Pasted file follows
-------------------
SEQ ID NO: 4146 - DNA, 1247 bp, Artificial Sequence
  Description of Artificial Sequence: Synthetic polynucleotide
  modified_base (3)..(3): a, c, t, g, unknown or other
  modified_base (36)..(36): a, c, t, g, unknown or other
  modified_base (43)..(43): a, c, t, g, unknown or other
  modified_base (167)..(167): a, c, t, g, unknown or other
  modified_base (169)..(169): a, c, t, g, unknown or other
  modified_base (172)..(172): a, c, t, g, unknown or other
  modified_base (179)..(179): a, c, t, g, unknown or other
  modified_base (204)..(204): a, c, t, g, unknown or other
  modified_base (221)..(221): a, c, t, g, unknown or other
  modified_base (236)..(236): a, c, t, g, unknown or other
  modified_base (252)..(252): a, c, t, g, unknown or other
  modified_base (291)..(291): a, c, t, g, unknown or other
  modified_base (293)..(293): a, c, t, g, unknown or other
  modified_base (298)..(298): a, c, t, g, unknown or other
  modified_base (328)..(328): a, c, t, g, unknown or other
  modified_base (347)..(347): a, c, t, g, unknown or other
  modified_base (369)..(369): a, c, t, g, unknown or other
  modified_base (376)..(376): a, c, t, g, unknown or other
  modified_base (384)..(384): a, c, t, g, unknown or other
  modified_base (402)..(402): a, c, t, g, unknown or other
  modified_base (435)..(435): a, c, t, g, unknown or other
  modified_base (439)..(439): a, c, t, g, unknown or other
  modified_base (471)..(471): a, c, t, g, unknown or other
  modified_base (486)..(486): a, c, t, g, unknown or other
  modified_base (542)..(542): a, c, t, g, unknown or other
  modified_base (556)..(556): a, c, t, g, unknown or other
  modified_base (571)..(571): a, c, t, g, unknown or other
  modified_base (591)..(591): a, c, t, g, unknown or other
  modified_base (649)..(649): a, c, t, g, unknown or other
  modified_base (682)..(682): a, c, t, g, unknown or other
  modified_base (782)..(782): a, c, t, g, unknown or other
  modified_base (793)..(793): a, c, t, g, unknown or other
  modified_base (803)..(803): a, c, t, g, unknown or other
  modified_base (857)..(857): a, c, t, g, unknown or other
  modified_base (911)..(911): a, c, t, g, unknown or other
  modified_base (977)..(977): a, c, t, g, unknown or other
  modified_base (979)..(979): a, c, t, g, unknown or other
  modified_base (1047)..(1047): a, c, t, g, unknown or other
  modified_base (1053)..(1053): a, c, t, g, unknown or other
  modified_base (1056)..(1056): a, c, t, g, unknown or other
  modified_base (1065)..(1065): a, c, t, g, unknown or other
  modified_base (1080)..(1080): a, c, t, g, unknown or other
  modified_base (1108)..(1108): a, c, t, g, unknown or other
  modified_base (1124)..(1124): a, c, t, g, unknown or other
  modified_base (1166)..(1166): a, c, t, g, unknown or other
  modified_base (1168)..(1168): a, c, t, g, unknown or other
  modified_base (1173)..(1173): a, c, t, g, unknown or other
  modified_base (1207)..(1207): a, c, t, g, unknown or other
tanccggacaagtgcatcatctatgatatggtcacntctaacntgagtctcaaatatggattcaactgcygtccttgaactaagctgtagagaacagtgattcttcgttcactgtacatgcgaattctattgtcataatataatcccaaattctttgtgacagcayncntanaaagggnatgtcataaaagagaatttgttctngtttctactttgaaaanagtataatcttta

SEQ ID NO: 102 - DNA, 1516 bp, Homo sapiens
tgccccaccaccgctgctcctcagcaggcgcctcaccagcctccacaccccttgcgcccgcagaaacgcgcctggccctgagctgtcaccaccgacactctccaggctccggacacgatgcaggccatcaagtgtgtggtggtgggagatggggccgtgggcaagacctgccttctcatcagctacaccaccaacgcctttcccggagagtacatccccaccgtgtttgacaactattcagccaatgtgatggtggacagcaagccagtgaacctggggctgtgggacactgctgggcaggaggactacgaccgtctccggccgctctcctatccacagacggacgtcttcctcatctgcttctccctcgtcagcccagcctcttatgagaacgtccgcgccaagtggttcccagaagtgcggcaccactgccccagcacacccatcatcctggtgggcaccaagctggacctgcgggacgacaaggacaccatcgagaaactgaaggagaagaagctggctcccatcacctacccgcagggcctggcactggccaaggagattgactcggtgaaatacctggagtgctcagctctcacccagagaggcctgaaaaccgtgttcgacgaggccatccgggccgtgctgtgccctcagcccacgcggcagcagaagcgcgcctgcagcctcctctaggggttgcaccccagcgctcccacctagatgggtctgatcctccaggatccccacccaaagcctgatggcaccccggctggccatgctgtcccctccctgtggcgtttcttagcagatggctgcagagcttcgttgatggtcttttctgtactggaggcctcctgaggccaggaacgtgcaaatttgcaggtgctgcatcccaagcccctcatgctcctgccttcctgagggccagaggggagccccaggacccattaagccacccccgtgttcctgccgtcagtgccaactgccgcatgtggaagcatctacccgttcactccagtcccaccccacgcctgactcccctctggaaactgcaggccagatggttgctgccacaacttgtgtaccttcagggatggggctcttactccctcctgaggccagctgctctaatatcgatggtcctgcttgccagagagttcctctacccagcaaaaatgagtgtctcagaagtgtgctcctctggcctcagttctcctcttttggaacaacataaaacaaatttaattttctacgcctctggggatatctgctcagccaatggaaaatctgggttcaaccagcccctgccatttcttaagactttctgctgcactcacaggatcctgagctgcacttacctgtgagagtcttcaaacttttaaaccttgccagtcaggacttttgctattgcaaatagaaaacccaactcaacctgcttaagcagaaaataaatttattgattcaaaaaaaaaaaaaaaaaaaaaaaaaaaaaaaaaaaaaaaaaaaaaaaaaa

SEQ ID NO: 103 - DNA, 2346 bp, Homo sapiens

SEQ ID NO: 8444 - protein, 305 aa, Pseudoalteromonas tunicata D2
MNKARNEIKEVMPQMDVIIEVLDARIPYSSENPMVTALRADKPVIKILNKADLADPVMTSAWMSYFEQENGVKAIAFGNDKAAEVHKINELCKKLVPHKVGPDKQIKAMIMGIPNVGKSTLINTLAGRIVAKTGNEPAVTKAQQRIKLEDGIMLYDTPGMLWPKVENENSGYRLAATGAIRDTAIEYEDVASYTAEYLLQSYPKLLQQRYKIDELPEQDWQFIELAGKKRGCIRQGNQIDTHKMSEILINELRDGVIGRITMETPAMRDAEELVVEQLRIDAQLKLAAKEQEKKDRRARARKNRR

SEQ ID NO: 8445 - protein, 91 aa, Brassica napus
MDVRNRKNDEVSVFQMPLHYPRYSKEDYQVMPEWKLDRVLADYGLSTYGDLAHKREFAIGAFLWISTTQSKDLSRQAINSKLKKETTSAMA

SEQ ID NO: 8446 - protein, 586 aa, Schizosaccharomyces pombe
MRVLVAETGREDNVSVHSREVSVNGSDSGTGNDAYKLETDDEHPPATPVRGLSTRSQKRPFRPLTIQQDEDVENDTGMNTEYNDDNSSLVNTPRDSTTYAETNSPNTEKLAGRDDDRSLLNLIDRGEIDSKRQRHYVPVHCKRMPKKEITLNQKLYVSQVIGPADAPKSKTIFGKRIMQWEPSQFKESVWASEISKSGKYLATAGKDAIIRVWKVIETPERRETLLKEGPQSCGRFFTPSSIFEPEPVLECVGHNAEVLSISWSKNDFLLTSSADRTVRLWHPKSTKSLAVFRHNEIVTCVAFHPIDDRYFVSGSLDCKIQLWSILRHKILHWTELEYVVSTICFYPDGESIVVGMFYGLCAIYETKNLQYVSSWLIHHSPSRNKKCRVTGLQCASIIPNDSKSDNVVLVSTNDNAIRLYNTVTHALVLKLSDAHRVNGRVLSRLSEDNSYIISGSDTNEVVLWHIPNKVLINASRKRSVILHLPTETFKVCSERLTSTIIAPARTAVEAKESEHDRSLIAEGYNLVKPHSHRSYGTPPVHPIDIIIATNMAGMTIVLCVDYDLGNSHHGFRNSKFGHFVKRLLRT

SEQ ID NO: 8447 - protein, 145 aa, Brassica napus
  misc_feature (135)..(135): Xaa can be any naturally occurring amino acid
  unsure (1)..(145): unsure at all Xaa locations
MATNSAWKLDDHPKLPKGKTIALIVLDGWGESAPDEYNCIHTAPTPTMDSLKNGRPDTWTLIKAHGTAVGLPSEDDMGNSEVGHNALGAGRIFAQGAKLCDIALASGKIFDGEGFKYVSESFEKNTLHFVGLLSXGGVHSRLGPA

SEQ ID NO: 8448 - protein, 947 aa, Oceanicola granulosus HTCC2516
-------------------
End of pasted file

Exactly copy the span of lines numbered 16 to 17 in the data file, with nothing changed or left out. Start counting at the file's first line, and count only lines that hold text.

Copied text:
  modified_base (298)..(298): a, c, t, g, unknown or other
  modified_base (328)..(328): a, c, t, g, unknown or other